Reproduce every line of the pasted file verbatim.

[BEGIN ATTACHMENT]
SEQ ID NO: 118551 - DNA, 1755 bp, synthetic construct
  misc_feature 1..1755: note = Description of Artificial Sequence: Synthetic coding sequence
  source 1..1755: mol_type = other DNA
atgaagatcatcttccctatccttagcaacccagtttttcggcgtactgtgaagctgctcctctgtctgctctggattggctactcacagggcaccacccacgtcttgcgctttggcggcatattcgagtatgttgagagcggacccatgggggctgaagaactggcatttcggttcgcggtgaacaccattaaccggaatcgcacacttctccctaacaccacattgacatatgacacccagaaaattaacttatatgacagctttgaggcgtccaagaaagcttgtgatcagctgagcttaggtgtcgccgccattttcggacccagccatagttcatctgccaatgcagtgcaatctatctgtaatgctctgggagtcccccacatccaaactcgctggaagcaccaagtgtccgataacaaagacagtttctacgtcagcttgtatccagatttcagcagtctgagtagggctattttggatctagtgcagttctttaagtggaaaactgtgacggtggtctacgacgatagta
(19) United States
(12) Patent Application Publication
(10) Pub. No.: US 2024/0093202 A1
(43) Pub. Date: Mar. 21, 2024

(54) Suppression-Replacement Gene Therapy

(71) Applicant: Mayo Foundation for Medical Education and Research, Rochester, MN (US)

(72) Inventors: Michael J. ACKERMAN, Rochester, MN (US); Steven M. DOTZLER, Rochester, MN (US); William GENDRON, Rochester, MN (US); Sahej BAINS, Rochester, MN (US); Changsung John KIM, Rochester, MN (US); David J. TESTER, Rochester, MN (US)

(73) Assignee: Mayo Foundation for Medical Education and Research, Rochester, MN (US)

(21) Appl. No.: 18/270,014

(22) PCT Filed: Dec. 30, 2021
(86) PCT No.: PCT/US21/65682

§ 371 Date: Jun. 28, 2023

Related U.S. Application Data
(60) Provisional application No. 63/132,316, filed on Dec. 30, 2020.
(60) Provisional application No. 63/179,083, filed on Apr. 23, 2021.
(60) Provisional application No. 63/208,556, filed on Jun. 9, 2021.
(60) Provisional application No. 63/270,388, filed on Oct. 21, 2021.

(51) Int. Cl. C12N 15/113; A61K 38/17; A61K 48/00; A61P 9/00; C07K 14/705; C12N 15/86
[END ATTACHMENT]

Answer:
SEQ ID NO: 118551 - DNA, 1755 bp, synthetic construct
  misc_feature 1..1755: note = Description of Artificial Sequence: Synthetic coding sequence
  source 1..1755: mol_type = other DNA
atgaagatcatcttccctatccttagcaacccagtttttcggcgtactgtgaagctgctcctctgtctgctctggattggctactcacagggcaccacccacgtcttgcgctttggcggcatattcgagtatgttgagagcggacccatgggggctgaagaactggcatttcggttcgcggtgaacaccattaaccggaatcgcacacttctccctaacaccacattgacatatgacacccagaaaattaacttatatgacagctttgaggcgtccaagaaagcttgtgatcagctgagcttaggtgtcgccgccattttcggacccagccatagttcatctgccaatgcagtgcaatctatctgtaatgctctgggagtcccccacatccaaactcgctggaagcaccaagtgtccgataacaaagacagtttctacgtcagcttgtatccagatttcagcagtctgagtagggctattttggatctagtgcagttctttaagtggaaaactgtgacggtggtctacgacgatagta
(19) United States
(12) Patent Application Publication
(10) Pub. No.: US 2024/0093202 A1
(43) Pub. Date: Mar. 21, 2024

(54) Suppression-Replacement Gene Therapy

(71) Applicant: Mayo Foundation for Medical Education and Research, Rochester, MN (US)

(72) Inventors: Michael J. ACKERMAN, Rochester, MN (US); Steven M. DOTZLER, Rochester, MN (US); William GENDRON, Rochester, MN (US); Sahej BAINS, Rochester, MN (US); Changsung John KIM, Rochester, MN (US); David J. TESTER, Rochester, MN (US)

(73) Assignee: Mayo Foundation for Medical Education and Research, Rochester, MN (US)

(21) Appl. No.: 18/270,014

(22) PCT Filed: Dec. 30, 2021
(86) PCT No.: PCT/US21/65682

§ 371 Date: Jun. 28, 2023

Related U.S. Application Data
(60) Provisional application No. 63/132,316, filed on Dec. 30, 2020.
(60) Provisional application No. 63/179,083, filed on Apr. 23, 2021.
(60) Provisional application No. 63/208,556, filed on Jun. 9, 2021.
(60) Provisional application No. 63/270,388, filed on Oct. 21, 2021.

(51) Int. Cl. C12N 15/113; A61K 38/17; A61K 48/00; A61P 9/00; C07K 14/705; C12N 15/86